Is it clearer now? Do you share my view of what has value or not?

Remember that the value is in the eyes of the client, not in those of the translator providing the service. She may find it super important to look for the right typeface, if the customer does not value it, it is overprocessing. She spends time doing something the customer doesn’t want to pay for. In the same way, I pay for a correct translation. Not for errors that will be corrected…

Why is it a problem?

We all do have quality standards higher than needed in some areas. In general, it is associated with things that we like. As we enjoy doing the task, we do more, it becomes too much and we waste our time.

Please note that I am speaking from a productivity and customer point of view. I care about your well-being at work. I don’t want you to become 100% productive in your 40-hour week. No one can live like this, our brain needs breaks.

From the point of view of the customer, and therefore of the performance of the organization, overprocessing is a waste. It does not generate any value for the customer. It’s wasted time. Your employee could be doing something else more important to the customer, or just working less for the same result.

Examples of overprocessing and associated waste

Collect information that will not be used

It’s tempting to want to measure everything when you’re handed a time tracking tool. How long did I spend on this step, in this process, for this client. But ultimately, how are you going to use the information? What decision are you going to make? If it’s just to know, for fun, then it’s leisure, not work…

Produce a report or document in case

To reassure ourselves, we ask our team to analyze data or carry out research. Worse, we pay consultants to do it. Once the report is submitted, it is read (or not) and it collects dust in a corner. No one takes action after reading the report.

Help others without telling them

Everyone wants to do well, and we have our little quirks. In an effort to help, we sometimes do things that others have to take over. The lack of communication is the cause of this over-quality. There are many examples: the receptionist attaches the receipt to the invoice, while the accountant immediately detaches the two. The clerk renames the scanned documents and the analyst renames them differently. The buyer is negotiating prices with suppliers, while the engineer is negotiating with other suppliers.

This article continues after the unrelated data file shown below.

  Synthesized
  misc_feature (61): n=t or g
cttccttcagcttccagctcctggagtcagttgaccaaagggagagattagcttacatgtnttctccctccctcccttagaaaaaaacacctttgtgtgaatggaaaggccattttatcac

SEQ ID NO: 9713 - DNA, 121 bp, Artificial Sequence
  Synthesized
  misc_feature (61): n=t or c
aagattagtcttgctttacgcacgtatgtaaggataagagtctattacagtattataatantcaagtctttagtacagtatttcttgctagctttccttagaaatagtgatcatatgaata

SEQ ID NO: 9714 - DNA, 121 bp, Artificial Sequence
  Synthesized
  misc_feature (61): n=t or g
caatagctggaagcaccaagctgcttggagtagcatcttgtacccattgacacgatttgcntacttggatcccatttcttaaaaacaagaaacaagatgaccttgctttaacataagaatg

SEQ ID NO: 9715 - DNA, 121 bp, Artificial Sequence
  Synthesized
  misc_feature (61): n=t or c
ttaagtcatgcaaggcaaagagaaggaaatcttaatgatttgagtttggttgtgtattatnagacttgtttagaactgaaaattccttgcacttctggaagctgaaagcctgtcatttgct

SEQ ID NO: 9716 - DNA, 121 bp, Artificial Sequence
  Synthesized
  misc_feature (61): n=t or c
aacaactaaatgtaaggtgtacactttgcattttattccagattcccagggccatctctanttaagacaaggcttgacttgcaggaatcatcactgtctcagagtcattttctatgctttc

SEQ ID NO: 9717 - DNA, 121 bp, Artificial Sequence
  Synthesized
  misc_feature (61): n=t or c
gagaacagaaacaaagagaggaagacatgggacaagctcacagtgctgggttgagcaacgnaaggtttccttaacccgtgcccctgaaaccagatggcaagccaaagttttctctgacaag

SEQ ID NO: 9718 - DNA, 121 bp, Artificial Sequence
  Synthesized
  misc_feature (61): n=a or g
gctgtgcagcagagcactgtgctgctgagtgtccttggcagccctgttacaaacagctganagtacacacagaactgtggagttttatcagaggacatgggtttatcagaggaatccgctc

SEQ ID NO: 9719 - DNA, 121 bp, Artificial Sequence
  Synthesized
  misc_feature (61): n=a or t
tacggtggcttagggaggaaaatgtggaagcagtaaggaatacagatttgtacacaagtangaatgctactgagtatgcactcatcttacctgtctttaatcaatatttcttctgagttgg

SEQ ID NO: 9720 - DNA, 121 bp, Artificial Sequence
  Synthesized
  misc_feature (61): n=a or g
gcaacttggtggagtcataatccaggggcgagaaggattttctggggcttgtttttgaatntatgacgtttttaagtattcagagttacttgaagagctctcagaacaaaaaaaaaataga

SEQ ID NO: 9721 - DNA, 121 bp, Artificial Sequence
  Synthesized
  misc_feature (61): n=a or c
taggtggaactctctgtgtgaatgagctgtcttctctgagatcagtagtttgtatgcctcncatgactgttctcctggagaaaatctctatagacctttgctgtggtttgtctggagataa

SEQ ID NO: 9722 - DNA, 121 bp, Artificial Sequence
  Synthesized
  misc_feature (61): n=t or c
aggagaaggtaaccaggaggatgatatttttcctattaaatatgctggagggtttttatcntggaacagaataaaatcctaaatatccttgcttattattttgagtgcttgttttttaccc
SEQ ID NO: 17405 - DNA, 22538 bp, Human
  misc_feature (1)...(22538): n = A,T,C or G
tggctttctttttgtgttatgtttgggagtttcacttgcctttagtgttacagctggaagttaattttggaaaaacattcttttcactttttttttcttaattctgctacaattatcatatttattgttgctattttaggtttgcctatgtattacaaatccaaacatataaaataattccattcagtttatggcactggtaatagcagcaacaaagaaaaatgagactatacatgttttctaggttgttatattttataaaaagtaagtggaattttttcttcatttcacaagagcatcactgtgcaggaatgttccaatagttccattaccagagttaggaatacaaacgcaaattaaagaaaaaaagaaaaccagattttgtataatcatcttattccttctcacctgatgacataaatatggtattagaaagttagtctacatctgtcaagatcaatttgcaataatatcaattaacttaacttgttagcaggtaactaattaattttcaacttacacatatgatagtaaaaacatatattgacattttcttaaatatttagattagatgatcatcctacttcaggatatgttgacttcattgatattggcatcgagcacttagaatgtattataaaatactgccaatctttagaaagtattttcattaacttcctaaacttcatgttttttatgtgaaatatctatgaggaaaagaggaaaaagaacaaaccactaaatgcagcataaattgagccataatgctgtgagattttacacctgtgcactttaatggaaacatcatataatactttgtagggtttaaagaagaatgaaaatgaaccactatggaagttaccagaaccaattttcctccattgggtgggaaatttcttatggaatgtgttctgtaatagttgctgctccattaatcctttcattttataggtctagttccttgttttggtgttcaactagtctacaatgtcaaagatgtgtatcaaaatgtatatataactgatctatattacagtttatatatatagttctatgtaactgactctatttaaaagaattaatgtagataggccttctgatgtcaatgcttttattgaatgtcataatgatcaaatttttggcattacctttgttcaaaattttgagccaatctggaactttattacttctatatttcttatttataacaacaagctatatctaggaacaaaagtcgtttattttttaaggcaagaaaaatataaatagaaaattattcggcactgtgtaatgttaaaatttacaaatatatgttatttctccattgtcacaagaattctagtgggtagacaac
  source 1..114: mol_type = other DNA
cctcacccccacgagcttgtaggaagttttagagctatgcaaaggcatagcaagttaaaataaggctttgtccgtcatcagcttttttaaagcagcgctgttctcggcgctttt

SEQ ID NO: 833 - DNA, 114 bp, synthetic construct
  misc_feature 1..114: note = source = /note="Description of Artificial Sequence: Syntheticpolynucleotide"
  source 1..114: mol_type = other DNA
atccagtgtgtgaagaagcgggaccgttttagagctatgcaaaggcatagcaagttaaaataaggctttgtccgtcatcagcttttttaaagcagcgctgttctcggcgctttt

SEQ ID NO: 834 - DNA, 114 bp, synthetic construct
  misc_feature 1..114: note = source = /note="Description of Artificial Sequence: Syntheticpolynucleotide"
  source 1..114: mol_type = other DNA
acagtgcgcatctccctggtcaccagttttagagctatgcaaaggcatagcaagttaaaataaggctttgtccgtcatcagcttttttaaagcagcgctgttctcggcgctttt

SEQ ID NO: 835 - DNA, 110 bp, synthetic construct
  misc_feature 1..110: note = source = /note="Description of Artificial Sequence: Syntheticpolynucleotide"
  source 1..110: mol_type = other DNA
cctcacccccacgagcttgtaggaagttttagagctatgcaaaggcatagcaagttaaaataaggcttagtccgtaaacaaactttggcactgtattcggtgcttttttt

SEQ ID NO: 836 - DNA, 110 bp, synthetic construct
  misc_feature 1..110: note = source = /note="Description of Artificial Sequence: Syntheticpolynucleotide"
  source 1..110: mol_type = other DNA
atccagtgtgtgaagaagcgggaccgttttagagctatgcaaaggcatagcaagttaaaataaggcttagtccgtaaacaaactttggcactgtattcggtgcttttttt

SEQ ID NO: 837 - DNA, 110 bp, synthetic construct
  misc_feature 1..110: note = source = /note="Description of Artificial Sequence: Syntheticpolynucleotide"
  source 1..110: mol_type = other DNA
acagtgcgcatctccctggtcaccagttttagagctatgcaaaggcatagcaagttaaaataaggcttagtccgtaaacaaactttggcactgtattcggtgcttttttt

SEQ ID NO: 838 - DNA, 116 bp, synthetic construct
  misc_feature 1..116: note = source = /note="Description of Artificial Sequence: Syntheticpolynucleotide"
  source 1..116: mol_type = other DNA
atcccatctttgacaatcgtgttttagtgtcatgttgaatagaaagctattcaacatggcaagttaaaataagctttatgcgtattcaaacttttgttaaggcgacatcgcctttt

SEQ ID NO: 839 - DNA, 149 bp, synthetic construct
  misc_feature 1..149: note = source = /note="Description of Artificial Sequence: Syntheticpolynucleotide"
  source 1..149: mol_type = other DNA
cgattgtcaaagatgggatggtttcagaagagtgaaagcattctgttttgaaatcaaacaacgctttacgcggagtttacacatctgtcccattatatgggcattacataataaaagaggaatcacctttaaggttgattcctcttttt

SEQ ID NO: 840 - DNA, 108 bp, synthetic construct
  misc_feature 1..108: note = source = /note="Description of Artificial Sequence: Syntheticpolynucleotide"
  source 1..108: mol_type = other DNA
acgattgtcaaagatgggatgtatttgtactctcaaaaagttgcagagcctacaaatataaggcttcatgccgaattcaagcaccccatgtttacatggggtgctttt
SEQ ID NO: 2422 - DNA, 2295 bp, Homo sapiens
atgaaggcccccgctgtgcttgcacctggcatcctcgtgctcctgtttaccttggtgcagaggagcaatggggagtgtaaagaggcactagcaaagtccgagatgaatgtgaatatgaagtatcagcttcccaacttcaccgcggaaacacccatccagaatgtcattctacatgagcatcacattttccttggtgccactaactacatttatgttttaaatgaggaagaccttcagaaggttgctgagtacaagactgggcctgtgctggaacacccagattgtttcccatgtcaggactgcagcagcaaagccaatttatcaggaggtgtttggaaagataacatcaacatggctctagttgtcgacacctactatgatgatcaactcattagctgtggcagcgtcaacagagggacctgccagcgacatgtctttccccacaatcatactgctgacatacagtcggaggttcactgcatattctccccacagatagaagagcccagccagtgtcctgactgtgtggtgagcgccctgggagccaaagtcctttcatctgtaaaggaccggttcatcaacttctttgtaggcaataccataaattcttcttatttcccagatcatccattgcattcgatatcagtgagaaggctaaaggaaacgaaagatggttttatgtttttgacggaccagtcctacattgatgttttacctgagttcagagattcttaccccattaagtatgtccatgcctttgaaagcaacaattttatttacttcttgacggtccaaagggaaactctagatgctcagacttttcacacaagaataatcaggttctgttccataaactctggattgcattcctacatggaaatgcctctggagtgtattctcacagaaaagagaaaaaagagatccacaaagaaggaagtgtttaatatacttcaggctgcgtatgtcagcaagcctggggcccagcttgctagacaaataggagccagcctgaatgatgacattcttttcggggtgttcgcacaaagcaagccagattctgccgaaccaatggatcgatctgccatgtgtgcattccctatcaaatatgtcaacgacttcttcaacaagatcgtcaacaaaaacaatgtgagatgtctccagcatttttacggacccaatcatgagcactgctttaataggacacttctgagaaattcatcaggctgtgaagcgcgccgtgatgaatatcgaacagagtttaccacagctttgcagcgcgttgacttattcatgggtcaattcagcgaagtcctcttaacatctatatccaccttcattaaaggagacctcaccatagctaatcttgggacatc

Remedy for errors or lack of training

Although it happens every day, it’s hard to detect. People work and are busy.

Take the example of a communications specialist. He took two days to create an email list. Very good communicator, the advanced functions of Excel were unknown to him. The next time, he simply told a data analyst what he wanted, and she pulled out the list in less than an hour.

Spelling review is another example. You can use an auto-corrector or have someone else proofread. But re-reading 10 times your own text does not improve the quality, especially in a short period of time. Our brain is unable to see our mistakes. I am aware of it, I am shocked at my spelling miistakes when I read an article a few years after having published it.

How to produce the right level of quality?

To avoid overprocessing, it must first be identified. Unfortunately, it’s easier to see the splinter in your neighbor’s eye than the log in your own. You can use the comments of your colleagues or relatives. “You’re not overdoing it a bit” should turn on the overprocessing light in your brain. When you spend time on a task, you may wonder if your customer would be willing to pay for it.

What to remember

In any case, to judge well, knowing the value delivered to the customer and the vision of the organization are essential. It all starts with the customer, and they are the only judges in the end.